National competitiveness is the topic of the moment, but so much of the debate about it is conducted at 35,000 feet, at the policy level. In late March, I visited a place in Crown Heights, Brooklyn, where change is happening on the ground.
Down the street from public-housing blocks is a new open-admission public school called P-Tech, or Pathways in Technology Early College High School. Launched last September, it’s a partnership of the New York City department of education, the New York City College of Technology, the City University of New York and IBM, whose head of corporate social responsibility, Stanley Litow, used to be the city’s deputy schools chancellor. The goal is to create a science- and tech-heavy curriculum that prepares kids—some of whom would be the first in their families to graduate from high school, let alone college—for entry- and midlevel jobs at top tech-oriented companies. Each student gets an IBM mentor from Day One. There’s a small but serious core curriculum focused on the basics: English, math, science and technology.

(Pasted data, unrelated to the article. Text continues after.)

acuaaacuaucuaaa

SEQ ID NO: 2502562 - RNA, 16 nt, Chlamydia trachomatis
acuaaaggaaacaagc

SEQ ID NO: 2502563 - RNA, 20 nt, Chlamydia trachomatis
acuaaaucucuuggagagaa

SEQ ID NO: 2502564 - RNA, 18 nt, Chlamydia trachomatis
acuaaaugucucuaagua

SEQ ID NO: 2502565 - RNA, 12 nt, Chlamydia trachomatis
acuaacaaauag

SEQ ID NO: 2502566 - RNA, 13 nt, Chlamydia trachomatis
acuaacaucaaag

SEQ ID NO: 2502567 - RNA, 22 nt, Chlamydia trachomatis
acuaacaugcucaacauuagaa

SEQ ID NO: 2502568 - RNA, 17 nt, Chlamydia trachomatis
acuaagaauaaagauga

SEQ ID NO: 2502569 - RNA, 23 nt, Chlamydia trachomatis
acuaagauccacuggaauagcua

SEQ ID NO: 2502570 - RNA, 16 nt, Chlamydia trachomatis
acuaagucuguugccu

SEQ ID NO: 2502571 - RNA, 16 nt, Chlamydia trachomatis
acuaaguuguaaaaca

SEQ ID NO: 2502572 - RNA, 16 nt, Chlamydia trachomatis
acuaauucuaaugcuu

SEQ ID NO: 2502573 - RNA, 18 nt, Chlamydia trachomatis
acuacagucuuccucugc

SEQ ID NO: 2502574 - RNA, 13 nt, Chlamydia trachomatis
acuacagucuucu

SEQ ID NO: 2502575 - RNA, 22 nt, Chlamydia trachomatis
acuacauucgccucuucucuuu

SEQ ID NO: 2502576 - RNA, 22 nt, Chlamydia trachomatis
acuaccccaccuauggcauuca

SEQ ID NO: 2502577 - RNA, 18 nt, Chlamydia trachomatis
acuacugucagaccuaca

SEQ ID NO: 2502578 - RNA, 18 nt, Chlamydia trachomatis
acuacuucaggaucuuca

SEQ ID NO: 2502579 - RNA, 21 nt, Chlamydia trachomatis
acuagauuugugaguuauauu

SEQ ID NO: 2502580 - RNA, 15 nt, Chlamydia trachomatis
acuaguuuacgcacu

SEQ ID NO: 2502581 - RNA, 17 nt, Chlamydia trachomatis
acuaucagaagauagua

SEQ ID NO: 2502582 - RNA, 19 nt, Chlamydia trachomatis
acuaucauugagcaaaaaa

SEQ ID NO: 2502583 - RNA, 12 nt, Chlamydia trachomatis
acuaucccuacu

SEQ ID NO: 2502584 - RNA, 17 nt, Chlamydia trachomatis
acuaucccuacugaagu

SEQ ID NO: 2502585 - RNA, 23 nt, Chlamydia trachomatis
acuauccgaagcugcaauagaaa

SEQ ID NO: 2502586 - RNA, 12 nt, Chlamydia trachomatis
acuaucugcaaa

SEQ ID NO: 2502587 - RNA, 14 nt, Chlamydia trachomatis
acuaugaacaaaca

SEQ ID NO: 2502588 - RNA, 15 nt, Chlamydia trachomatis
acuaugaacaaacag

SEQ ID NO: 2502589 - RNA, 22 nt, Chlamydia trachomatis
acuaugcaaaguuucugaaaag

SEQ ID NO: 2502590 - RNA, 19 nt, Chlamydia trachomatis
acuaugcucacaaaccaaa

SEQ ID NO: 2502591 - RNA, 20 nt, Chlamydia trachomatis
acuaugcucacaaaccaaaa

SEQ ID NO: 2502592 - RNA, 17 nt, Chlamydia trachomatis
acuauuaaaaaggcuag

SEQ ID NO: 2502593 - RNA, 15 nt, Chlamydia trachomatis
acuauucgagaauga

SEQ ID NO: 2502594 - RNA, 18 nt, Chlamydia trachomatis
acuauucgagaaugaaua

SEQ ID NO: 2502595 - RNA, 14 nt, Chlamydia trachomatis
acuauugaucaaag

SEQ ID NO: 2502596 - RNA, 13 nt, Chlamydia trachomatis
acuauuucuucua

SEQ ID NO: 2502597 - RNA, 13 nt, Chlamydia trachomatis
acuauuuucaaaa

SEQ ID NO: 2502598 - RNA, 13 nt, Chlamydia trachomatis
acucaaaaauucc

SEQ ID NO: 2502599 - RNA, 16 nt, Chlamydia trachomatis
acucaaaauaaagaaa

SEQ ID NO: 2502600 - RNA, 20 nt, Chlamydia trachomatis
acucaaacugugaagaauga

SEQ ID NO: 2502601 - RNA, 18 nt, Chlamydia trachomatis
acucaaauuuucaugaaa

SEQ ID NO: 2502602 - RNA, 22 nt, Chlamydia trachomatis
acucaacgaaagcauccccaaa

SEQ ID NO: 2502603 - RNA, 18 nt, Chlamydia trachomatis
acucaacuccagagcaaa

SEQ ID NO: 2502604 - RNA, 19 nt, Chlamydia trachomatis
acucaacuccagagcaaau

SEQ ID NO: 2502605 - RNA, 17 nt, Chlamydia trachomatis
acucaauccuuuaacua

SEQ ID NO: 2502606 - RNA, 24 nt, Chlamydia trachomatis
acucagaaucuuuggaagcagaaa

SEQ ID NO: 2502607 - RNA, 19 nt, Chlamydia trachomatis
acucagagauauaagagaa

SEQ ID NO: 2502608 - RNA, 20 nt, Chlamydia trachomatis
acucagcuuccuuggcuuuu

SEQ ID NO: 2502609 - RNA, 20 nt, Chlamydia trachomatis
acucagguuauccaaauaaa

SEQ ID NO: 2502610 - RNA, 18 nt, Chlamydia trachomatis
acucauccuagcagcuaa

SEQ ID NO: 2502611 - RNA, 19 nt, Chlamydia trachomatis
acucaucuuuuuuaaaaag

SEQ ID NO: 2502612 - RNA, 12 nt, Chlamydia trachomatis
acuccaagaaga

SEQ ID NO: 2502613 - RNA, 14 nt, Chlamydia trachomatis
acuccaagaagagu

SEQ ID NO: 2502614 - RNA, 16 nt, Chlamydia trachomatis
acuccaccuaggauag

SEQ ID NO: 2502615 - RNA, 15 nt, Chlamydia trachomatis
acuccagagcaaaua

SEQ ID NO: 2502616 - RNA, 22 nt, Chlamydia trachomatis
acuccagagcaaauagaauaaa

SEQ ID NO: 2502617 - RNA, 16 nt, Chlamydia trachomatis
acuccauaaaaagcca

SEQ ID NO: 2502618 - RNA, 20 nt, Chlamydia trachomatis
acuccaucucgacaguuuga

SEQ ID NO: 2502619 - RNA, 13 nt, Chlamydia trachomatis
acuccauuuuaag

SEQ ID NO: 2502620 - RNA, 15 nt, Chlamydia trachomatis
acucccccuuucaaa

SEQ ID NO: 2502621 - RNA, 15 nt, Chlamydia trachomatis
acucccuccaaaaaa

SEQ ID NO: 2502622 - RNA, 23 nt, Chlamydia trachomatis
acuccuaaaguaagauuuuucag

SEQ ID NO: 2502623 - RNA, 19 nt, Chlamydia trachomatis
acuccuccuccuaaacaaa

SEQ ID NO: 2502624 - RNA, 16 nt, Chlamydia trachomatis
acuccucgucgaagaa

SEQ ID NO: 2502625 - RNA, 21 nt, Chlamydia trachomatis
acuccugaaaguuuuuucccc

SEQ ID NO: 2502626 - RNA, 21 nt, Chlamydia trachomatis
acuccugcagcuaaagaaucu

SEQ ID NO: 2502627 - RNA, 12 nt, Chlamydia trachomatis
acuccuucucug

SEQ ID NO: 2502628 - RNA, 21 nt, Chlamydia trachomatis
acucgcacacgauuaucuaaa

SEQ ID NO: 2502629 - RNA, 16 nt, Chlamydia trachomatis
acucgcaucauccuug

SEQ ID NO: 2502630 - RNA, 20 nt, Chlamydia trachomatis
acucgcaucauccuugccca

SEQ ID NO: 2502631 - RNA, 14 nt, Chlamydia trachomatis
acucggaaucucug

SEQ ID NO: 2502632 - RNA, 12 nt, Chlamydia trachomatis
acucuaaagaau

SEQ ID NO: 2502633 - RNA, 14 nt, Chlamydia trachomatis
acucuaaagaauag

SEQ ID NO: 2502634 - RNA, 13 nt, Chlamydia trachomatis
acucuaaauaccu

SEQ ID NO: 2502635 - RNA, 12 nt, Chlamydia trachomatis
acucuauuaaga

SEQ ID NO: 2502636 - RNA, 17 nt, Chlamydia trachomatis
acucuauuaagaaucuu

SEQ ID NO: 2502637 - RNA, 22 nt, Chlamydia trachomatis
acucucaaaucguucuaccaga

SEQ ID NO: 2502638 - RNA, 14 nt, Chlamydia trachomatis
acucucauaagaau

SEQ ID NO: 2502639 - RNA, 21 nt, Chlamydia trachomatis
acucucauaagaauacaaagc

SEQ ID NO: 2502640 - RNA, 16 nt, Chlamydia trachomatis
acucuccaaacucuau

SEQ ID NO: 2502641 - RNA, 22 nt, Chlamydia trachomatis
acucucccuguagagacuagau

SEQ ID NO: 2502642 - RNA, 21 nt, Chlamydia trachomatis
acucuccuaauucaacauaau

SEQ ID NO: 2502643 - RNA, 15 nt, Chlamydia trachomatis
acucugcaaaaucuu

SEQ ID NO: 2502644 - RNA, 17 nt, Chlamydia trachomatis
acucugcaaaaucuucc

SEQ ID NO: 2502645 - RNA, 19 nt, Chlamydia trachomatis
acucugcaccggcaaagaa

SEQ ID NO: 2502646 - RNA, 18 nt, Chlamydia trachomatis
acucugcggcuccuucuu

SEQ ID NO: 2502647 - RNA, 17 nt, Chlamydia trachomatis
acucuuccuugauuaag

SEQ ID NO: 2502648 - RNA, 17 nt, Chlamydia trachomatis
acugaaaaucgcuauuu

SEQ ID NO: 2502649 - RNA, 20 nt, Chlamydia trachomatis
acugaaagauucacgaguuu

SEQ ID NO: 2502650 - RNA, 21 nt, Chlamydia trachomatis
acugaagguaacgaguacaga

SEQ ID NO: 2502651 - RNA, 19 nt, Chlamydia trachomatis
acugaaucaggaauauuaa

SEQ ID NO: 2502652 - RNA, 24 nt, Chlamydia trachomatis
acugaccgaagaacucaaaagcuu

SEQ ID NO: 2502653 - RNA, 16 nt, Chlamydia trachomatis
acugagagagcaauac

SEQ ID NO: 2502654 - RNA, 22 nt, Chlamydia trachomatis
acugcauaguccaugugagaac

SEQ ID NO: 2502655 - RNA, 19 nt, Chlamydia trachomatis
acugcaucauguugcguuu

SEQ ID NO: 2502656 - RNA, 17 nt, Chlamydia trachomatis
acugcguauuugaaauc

The most important thing is that P-Tech students will graduate with not only a high school diploma but an associate’s degree too. That’s crucial, since 63% of American jobs will require post-secondary training by 2018. The U.S. economy will create more than 14 million new jobs over the next 10 years but only for people with at least a community–college degree. Those jobs—positions like dental hygienist, medical-laboratory technician, electrician, aircraft mechanic and entry-level software engineer—will allow millions entry to the middle class. Many of them will require serious technology skills.
The problem is that a startlingly low percentage of U.S. college students—30% at four-year colleges and only about 25% at two-year colleges—finish their degrees. Some of that underachievement is money-related, but some of it is due to the fact that the U.S., unlike high-growth countries like Germany, doesn’t do much to connect educators with corporations doing the hiring. To find out more about how that’s starting to happen in the U.S., and how it might create more inclusive growth, check out my Curious Capitalist column in this week’s TIME magazine.